Virutal Love Hormones
A few weeks ago, we wrote a great post called “Hug Your Customers” about this article in Fast Company. It touched on the impact of the “love hormone,” oxytocin, on just about every human interaction. We discussed the impact of oxytocin on our relationships, including those with clients and consumers’ bonds with brands. True, so true!! But the Fast Company piece, which details neuroeconomist Dr. Paul J. Zak’s work, also discussed another issue that I just can’t stop thinking about. It turns out that online social networking gives our bodies as much of a rush of oxytocin as real live social interactions. This blows me away every time I think about it!
It’s a pretty widespread meme to criticize the explosive popularity of social networking in modern life. This criticism usually travels the line of argument that social networking is bad, and there’s just too darned much of it because these are not REAL social exchanges or REAL friendships. The fear is that they might be replacing the inherently better version of interaction that happens ITRW (in the real world). In this vision of the world, we’re all sitting at our computers growing fat, unproductive and alienated, all the while deluding ourselves that we have friendships with the people we talk to online.
While much of this is a little too close for comfort, I’ve never felt that online socializing is anything like doing it in person. At the risk of sounding like an old, old woman, I must admit that I have a decidedly ambivalent relationship with my Facebook and Twitter accounts, and have definitely muttered darkly about how my Facebook “friendships” with guys who dumped me in college, the mean girls who tormented me in high school, and people I think I might maybe have worked with twenty years ago don’t mean a thing. I, too, have made disparaging value judgments about the inherent superiority of in-person exchanges. Who hasn’t?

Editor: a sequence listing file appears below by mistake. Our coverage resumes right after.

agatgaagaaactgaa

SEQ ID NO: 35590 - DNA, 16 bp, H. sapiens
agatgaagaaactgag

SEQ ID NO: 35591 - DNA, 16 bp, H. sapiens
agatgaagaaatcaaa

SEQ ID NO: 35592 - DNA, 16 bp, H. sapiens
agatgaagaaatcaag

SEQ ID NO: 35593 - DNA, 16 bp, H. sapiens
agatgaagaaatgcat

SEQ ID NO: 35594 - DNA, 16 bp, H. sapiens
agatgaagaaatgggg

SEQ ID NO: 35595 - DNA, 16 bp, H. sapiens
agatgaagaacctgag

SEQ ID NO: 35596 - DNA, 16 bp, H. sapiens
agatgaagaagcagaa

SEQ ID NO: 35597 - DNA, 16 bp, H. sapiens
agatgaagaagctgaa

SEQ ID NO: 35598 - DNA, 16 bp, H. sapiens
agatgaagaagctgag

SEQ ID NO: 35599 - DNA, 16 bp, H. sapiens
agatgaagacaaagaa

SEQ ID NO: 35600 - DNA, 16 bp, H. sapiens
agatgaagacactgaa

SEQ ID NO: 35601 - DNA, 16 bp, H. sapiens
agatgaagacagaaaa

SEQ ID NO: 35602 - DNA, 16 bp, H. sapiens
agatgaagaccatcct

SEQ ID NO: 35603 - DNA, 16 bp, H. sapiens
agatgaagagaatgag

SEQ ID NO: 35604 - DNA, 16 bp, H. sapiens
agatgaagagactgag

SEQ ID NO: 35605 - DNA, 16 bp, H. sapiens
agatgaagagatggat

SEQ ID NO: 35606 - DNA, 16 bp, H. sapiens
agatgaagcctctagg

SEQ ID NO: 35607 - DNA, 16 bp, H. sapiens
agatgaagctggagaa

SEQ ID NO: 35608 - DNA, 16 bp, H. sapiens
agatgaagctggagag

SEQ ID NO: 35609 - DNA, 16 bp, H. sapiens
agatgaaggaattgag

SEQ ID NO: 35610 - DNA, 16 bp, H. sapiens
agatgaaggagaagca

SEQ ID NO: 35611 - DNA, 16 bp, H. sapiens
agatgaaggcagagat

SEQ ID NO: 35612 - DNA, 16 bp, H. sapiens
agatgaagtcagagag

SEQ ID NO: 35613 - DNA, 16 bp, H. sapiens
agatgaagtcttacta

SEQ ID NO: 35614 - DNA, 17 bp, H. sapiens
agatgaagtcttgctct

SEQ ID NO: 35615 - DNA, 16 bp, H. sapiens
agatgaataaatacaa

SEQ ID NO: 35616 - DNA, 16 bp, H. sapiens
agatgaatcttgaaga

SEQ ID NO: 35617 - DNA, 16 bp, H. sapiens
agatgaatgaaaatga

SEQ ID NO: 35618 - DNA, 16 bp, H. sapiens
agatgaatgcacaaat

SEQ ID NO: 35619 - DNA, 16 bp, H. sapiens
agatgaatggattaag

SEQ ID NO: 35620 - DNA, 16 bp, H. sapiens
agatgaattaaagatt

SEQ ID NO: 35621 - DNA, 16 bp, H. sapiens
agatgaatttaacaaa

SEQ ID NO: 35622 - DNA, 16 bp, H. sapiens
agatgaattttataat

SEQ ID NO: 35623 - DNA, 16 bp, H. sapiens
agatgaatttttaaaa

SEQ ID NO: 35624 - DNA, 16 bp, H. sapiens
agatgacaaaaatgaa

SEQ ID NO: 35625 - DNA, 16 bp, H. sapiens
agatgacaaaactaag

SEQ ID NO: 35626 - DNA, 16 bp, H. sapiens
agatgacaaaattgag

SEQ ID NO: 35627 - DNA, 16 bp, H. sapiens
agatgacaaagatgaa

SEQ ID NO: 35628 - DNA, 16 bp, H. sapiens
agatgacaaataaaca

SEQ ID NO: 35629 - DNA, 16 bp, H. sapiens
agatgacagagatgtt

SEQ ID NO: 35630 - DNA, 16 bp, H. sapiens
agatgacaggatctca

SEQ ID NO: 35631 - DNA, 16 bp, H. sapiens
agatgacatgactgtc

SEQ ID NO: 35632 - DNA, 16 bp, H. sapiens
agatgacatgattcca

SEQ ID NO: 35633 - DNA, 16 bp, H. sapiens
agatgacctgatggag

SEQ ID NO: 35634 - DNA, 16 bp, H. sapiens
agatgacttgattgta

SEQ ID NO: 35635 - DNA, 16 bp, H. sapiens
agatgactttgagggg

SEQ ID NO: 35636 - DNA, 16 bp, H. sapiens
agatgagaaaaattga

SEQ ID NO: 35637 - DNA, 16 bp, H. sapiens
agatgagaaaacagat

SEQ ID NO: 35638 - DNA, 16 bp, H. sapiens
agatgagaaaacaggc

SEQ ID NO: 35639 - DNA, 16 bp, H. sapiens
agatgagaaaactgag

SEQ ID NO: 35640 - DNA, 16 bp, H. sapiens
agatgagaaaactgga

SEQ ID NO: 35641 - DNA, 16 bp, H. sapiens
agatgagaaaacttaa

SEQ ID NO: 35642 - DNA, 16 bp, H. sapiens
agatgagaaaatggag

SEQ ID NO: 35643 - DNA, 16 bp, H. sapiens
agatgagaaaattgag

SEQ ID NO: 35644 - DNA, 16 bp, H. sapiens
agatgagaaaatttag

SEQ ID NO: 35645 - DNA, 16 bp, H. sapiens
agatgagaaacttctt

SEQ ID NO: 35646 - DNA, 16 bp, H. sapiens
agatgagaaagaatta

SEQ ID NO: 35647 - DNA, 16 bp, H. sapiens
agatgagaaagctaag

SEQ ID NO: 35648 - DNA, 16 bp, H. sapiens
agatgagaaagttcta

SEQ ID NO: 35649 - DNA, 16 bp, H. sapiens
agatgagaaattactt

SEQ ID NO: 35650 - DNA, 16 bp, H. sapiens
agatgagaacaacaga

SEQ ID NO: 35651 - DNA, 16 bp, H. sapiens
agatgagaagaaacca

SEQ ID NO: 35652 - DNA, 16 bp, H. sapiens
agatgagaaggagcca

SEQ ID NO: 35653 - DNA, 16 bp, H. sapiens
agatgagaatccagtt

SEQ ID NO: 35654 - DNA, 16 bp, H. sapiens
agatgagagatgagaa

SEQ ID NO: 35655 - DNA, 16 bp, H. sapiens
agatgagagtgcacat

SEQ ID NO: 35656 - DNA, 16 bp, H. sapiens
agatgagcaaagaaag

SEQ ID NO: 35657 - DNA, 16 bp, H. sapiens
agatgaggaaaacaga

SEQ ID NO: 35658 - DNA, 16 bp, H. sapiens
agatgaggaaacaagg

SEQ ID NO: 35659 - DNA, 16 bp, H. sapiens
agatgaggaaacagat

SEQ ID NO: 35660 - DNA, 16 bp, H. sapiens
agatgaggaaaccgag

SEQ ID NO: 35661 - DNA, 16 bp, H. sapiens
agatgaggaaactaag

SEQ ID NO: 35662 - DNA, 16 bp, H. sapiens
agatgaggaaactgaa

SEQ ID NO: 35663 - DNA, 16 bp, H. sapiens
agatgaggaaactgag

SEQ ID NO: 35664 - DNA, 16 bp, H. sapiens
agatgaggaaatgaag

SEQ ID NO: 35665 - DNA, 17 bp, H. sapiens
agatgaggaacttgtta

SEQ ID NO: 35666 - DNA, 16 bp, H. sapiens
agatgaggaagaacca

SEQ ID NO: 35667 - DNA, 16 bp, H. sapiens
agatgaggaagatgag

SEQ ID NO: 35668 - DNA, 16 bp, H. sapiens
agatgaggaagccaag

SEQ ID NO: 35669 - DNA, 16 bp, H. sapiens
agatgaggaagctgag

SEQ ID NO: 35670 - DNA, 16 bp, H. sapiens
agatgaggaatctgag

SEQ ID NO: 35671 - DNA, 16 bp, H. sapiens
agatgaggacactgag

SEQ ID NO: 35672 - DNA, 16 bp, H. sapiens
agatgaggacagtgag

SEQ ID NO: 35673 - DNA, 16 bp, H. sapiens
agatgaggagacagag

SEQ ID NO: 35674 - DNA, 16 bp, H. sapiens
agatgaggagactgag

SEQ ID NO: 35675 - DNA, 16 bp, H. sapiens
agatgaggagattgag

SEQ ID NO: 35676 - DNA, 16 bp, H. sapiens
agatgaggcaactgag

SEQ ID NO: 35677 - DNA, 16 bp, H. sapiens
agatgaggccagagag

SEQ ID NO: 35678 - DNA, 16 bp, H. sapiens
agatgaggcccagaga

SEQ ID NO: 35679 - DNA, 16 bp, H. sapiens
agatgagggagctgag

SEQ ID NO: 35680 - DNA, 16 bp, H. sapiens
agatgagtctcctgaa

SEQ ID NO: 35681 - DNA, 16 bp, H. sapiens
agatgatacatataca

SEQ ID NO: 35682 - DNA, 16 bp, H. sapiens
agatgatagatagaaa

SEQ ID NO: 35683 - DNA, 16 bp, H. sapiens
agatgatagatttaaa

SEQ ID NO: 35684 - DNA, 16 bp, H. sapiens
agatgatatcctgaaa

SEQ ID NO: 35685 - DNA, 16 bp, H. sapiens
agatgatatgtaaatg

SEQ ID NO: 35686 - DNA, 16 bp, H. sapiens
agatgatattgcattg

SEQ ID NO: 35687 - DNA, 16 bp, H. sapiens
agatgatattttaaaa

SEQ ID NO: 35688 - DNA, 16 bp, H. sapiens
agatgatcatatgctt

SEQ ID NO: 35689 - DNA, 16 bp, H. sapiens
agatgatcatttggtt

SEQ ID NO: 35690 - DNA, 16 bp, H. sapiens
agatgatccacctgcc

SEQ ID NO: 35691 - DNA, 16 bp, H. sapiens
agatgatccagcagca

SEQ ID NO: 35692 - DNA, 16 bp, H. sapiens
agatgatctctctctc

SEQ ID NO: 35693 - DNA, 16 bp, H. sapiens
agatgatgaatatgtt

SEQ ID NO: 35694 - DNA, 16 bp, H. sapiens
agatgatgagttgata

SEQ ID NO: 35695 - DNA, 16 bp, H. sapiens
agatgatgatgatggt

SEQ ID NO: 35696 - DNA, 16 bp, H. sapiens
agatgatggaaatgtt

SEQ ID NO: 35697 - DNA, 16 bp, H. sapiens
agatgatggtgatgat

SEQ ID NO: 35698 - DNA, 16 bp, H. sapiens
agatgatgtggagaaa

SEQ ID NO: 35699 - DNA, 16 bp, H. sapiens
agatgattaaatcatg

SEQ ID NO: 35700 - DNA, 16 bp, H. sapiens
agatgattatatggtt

Dr. Zak Rocks My World
But now Dr. Zak’s work is making me question about half of the things I say to my teenager on any given day.
In the Fast Company article, the author, Adam Penenberg, experienced a 13.2% spike in his oxytocin levels after tweeting inanities to his followers for 10 minutes. That increase was equivalent to the oxytocin spike experienced by one groom whose levels were tested at his own wedding. Probably as a result of this increased oxytocin, Penenberg’s stress hormones also decreased by comparable amounts. As Dr. Zak comments, the brain interprets tweeting, “as if you were directly interacting with people you cared about or had empathy for.” This ought to make sense to me, since at Brandtrust® we’ve long touted the fact that the brain interprets memories as though it were actually reliving the moment being remembered. That the brain also interprets virtual relationships as though it were actually experiencing real friendships would seem to be quite comparable, but I still struggle to process this new view of what’s going on in the online world.
Get Your Parents To Tweet!
Even as my head reels, the implications of this for my life are pretty clear. First of all, I’ve got to cut my daughter a break. Secondly, since the health, longevity and quality of life benefits of social connectedness have long been documented, I think I need to get my mother tweeting as fast as I can, though the prospect of reading what she might say terrifies me! Finally, if “online relationships can be just as real as those conducted offline,” then I need to take a long, hard look at my quantity-over-quality list of Facebook friends. Since it turns out these are REAL relationships after all, then I think I should only be friends with REAL friends!